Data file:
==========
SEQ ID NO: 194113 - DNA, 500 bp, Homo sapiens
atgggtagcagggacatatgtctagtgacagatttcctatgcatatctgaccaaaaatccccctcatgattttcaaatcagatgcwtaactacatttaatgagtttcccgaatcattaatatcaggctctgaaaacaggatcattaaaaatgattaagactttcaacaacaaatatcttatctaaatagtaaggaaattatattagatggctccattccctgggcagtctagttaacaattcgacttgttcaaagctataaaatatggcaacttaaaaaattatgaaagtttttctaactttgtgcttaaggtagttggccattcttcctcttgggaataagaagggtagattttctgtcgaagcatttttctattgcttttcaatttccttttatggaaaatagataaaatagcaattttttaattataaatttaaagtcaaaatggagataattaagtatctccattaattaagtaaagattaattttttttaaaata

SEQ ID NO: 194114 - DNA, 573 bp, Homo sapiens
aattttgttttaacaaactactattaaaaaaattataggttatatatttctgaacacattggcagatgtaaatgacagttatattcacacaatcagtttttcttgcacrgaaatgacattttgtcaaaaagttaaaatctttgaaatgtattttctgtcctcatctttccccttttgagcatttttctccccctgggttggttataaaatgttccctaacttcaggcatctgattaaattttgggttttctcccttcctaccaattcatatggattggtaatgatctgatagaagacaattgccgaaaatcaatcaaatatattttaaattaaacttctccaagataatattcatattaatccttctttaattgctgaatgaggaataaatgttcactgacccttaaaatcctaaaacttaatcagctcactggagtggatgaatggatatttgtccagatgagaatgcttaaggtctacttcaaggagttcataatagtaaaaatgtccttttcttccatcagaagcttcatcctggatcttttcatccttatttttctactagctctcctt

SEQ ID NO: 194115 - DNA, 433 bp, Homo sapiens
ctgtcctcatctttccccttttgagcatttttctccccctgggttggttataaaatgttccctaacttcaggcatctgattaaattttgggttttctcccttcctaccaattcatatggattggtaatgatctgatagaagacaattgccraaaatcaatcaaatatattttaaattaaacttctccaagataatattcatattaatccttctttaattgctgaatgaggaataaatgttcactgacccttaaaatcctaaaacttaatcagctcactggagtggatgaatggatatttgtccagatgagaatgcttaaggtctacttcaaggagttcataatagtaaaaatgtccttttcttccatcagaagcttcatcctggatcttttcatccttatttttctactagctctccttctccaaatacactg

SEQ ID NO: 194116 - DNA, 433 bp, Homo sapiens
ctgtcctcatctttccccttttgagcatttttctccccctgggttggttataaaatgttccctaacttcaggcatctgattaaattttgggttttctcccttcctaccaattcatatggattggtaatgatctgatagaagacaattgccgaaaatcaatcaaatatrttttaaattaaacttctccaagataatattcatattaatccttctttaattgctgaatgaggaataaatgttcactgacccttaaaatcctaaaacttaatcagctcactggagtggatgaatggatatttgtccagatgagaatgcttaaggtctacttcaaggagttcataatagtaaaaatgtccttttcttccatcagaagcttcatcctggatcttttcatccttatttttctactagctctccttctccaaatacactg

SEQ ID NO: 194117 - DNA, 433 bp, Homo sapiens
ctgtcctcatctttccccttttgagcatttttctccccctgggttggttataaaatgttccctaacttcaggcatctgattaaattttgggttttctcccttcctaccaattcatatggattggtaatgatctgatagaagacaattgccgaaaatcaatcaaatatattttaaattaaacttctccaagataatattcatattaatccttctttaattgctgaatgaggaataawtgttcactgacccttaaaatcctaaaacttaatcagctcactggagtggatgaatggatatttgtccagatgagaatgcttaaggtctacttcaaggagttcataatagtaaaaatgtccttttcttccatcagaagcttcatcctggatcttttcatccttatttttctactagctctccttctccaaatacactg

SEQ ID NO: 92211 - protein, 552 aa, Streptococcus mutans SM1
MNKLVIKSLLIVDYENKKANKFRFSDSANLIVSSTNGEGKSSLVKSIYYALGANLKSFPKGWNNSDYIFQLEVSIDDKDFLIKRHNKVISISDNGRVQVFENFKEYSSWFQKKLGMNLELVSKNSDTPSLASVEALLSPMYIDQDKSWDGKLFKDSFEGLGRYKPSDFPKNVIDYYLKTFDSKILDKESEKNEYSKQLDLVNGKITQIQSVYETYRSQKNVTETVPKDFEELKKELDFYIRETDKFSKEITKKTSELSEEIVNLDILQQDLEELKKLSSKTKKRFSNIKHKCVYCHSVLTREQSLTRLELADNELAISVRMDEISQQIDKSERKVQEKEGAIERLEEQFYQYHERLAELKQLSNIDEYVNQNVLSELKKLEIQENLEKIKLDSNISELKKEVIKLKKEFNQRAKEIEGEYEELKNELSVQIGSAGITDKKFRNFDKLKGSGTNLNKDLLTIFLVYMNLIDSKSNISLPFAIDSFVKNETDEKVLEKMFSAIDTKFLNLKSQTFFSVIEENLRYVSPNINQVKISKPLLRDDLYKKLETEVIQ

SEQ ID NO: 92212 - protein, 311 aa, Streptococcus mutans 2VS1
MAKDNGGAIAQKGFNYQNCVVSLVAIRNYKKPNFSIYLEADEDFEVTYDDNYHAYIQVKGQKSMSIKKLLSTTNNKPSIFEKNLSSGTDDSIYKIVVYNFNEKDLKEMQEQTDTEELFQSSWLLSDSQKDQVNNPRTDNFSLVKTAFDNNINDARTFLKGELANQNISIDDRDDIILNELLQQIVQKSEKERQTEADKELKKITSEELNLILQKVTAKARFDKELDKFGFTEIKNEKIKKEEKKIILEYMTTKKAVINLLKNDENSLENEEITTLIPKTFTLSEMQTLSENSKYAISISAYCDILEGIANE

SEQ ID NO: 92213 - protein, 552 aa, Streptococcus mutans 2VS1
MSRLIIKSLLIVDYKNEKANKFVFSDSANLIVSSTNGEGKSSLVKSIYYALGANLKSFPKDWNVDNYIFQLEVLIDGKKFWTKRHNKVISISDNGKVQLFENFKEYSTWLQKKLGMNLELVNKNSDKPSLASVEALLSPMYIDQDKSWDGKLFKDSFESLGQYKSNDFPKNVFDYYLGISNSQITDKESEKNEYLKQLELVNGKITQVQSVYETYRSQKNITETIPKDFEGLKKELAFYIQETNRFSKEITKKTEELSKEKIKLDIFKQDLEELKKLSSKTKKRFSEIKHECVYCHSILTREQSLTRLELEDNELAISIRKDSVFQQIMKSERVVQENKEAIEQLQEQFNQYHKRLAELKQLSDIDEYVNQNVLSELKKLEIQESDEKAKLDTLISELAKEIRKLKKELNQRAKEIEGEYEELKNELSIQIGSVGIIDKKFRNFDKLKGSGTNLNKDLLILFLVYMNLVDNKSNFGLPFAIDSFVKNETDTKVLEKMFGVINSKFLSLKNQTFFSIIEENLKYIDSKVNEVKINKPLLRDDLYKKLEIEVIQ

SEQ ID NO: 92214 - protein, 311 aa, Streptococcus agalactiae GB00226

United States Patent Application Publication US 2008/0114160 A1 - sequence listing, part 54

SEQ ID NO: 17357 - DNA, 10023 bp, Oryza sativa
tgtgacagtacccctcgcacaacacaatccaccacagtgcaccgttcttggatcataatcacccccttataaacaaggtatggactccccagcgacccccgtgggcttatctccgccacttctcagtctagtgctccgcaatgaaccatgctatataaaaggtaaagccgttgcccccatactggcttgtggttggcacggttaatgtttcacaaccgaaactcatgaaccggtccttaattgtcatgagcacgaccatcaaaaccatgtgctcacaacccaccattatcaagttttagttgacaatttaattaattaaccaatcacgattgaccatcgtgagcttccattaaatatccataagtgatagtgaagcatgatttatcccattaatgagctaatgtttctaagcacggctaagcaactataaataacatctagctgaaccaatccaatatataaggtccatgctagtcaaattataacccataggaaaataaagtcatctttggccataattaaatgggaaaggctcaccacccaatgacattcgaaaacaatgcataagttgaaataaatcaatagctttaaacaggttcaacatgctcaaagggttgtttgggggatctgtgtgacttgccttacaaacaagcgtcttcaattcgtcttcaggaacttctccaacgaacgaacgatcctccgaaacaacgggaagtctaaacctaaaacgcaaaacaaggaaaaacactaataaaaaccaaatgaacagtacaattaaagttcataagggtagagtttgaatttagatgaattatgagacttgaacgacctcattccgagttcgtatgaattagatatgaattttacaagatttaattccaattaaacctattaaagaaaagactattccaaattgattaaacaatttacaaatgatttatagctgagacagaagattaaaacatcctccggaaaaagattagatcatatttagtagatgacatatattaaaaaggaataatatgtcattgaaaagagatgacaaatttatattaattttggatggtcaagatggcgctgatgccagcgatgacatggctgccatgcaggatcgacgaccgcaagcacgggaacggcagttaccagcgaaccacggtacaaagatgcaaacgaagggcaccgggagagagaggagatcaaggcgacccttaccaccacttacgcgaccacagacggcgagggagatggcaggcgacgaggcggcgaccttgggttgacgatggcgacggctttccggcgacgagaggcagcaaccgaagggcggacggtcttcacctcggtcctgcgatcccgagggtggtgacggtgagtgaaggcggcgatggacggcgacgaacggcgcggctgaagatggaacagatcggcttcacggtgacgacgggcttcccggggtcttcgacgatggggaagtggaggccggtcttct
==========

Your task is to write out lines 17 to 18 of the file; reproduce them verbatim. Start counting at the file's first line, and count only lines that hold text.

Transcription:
SEQ ID NO: 92214 - protein, 311 aa, Streptococcus agalactiae GB00226

United States Patent Application Publication US 2008/0114160 A1 - sequence listing, part 54